IndyCar Sonoma fallout - Pitlane Boxes are back
The fallout from the IndyCar Series’ chaotic weekend race at Sonoma (Calif.) Raceway continued Tuesday with confirmation that lines will mark pit boxes at future races, beginning with Sunday’s street race in Baltimore.
|Derrick Walker speaks out|
The lack of lines was a key part of the controversy surrounding Scott Dixon’s impact of a Team Penske tire on pit road. The tire held by a crew member of Will Power’s knocked two people to the ground and injured a third person’s ankle when he was struck by a flying air gun.
Dixon was issued a drive-through penalty that dropped him from the lead of the GoPro Grand Prix of Sonoma to 21st place. He finished 15th as Power won.
Having lines would have made it easier to determine fault.
“We’re going to have (pit box lines) from now on,” Derrick Walker, IndyCar’s president of competition and operations, told The Indianapolis Star on Tuesday.
Walker also is going to issue what he called “courtesy expectations” for what actions on pit road should look like. Dixon and his team, Ganassi Racing, have argued that Team Penske’s outside tire changer not only stepped toward their car but carried the tire in such a way that was both dangerous and unsportsmanlike.
Walker disagreed with the latter, saying Team Penske has been consistent with its pit stops, and he doesn’t think the crew member did anything “Machiavellian,” which means deceitful or cunning.
“He carried that wheel the same way he always does, and here’s the key thing: He was in his (pit) box,” Walker said. “If he’s in his pit box, that guy can carry that tire on his head for all I care.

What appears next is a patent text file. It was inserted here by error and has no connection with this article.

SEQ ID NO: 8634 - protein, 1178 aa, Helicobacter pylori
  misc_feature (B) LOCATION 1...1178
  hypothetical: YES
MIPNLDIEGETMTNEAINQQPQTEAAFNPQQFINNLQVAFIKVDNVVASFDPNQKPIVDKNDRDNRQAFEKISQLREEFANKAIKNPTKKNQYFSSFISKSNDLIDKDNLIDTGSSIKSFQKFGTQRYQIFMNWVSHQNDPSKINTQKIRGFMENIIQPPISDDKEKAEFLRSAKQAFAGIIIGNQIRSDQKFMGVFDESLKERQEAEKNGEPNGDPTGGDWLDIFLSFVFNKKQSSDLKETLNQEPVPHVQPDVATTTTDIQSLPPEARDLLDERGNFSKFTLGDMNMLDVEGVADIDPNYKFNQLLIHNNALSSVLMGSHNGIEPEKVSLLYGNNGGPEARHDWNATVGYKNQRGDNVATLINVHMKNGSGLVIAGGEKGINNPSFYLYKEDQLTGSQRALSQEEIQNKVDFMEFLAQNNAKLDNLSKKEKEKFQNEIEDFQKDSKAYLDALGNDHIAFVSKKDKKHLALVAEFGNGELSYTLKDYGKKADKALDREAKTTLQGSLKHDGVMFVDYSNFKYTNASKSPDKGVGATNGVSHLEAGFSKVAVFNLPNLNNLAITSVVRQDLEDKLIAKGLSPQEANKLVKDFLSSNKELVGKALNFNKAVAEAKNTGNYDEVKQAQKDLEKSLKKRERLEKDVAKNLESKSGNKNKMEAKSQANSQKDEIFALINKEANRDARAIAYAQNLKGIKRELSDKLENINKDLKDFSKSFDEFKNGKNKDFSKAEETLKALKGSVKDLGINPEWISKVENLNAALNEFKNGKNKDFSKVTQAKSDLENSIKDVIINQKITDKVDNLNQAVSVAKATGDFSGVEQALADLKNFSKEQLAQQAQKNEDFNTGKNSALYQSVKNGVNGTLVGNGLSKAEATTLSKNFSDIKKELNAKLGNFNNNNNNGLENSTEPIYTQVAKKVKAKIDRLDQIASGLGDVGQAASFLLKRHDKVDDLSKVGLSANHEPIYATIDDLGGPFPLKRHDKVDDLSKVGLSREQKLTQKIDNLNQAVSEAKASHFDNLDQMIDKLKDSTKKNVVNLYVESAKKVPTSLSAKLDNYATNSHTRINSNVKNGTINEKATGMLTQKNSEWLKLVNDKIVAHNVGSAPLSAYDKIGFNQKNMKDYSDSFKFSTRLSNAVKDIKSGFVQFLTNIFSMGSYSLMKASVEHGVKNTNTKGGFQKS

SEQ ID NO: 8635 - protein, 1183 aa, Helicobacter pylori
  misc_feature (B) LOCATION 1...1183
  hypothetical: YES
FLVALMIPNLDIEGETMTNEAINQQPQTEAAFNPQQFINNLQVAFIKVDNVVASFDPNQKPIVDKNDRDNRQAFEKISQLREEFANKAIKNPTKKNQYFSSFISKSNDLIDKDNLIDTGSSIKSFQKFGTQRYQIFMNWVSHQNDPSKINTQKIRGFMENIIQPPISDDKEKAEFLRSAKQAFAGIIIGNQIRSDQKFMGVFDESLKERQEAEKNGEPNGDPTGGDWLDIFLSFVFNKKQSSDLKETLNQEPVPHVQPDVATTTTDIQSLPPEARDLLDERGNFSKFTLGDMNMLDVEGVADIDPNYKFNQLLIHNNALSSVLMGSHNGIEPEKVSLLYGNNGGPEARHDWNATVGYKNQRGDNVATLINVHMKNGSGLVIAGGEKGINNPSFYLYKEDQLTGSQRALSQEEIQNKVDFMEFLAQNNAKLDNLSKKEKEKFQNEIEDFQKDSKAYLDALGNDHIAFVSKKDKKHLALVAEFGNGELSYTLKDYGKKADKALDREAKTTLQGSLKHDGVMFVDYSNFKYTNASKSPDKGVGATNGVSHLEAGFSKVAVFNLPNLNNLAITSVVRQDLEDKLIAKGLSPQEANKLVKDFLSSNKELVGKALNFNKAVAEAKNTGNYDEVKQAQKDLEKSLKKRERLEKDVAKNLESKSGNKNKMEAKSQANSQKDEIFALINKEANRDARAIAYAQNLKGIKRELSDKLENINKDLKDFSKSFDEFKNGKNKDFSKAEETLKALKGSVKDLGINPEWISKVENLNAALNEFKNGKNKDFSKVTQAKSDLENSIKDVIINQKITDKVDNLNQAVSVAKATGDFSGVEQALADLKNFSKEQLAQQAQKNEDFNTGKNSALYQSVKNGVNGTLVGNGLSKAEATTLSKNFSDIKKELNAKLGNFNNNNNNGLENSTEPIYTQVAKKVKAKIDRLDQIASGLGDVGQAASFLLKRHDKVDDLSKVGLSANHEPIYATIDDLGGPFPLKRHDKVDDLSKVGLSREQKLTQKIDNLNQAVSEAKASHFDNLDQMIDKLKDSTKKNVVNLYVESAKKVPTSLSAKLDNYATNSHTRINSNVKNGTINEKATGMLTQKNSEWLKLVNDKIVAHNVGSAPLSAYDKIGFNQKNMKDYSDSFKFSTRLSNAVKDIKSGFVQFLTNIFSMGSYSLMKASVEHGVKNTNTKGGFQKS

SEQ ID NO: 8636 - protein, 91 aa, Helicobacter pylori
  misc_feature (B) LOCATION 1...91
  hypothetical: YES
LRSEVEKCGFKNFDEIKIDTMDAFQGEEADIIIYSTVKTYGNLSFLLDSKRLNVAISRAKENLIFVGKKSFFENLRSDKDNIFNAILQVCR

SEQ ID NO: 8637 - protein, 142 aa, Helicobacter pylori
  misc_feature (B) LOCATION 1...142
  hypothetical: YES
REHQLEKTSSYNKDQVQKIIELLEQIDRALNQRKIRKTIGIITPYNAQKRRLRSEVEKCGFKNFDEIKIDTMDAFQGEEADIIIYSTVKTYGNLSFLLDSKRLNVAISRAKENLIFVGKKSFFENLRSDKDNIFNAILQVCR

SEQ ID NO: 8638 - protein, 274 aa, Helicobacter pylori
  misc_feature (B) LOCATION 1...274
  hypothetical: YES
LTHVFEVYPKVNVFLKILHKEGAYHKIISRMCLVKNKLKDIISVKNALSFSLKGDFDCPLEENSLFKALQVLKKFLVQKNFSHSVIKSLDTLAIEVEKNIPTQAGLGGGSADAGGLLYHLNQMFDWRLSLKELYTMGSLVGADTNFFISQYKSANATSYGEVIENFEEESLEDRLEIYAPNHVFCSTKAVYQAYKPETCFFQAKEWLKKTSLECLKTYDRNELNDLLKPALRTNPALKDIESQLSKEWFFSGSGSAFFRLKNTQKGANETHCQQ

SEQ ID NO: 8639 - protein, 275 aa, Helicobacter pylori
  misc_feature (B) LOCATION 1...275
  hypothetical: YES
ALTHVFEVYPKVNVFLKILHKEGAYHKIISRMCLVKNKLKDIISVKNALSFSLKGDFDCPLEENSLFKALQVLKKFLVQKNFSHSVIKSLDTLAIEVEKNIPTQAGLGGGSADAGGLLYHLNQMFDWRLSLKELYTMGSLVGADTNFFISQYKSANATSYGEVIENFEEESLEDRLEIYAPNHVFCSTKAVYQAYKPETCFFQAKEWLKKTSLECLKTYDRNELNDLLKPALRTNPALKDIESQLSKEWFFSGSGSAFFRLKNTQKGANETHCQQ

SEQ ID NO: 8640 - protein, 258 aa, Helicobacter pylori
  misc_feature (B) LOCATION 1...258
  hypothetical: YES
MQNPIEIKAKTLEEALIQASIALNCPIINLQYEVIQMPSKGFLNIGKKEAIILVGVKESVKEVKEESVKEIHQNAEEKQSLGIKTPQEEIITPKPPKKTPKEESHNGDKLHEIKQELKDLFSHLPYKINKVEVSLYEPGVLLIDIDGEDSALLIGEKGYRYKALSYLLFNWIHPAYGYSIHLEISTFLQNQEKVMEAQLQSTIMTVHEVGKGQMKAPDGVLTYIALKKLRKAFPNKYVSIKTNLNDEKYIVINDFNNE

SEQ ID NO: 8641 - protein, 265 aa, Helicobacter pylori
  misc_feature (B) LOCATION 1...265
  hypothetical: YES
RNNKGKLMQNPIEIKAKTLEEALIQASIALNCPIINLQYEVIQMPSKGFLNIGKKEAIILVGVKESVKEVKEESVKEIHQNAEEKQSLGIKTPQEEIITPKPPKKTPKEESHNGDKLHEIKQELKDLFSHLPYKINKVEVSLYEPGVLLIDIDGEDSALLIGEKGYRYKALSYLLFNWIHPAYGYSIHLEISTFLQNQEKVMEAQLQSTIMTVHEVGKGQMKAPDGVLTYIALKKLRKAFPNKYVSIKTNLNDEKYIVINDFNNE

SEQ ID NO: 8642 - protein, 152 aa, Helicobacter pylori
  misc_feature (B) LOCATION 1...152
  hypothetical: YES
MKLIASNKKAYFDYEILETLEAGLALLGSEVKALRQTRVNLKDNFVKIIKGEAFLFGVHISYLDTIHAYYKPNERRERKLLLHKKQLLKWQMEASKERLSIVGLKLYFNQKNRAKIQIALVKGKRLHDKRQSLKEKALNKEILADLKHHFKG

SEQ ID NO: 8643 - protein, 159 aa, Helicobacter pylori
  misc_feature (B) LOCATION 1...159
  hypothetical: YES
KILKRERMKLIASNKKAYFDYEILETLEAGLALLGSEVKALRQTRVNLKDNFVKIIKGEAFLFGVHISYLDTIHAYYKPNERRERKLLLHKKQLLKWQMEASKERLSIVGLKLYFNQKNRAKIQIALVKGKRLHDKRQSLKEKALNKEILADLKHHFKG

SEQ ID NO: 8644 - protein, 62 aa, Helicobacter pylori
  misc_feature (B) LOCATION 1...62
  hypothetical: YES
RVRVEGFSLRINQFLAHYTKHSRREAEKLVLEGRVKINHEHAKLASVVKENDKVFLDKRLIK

“For us, it’s about consistency, and there’s nothing more consistent than our rule that if you hit equipment on pit road, yours or theirs, you get a drive-through penalty. The was nothing inconsistent about that.”
Walker hasn’t been happy that the Ganassi team has made it an issue of championship pursuit as Dixon is the closest pursuer of Helio Castroneves’ points lead. Castroneves drives for Team Penske.
The penalizing of Dixon “was a safety issue,” Walker said.
“We all would be having a different conversation if that guy would have broken his neck,” he said. “In the end, it was an accident that we don’t want to see.”
Walker wasn’t happy with Dixon’s word choice on the television broadcast, but he was more upset with Dario Franchitti for using the opportunity of the podium celebration to show his displeasure with Power for an in-race battle.
Franchitti said Power drove him into the dirt in Turn 2.
“It was a racing incident, a great racing incident like the fans want to see,” Walker said. “What Dario did on the podium was unsportsmanlike.” Indy Star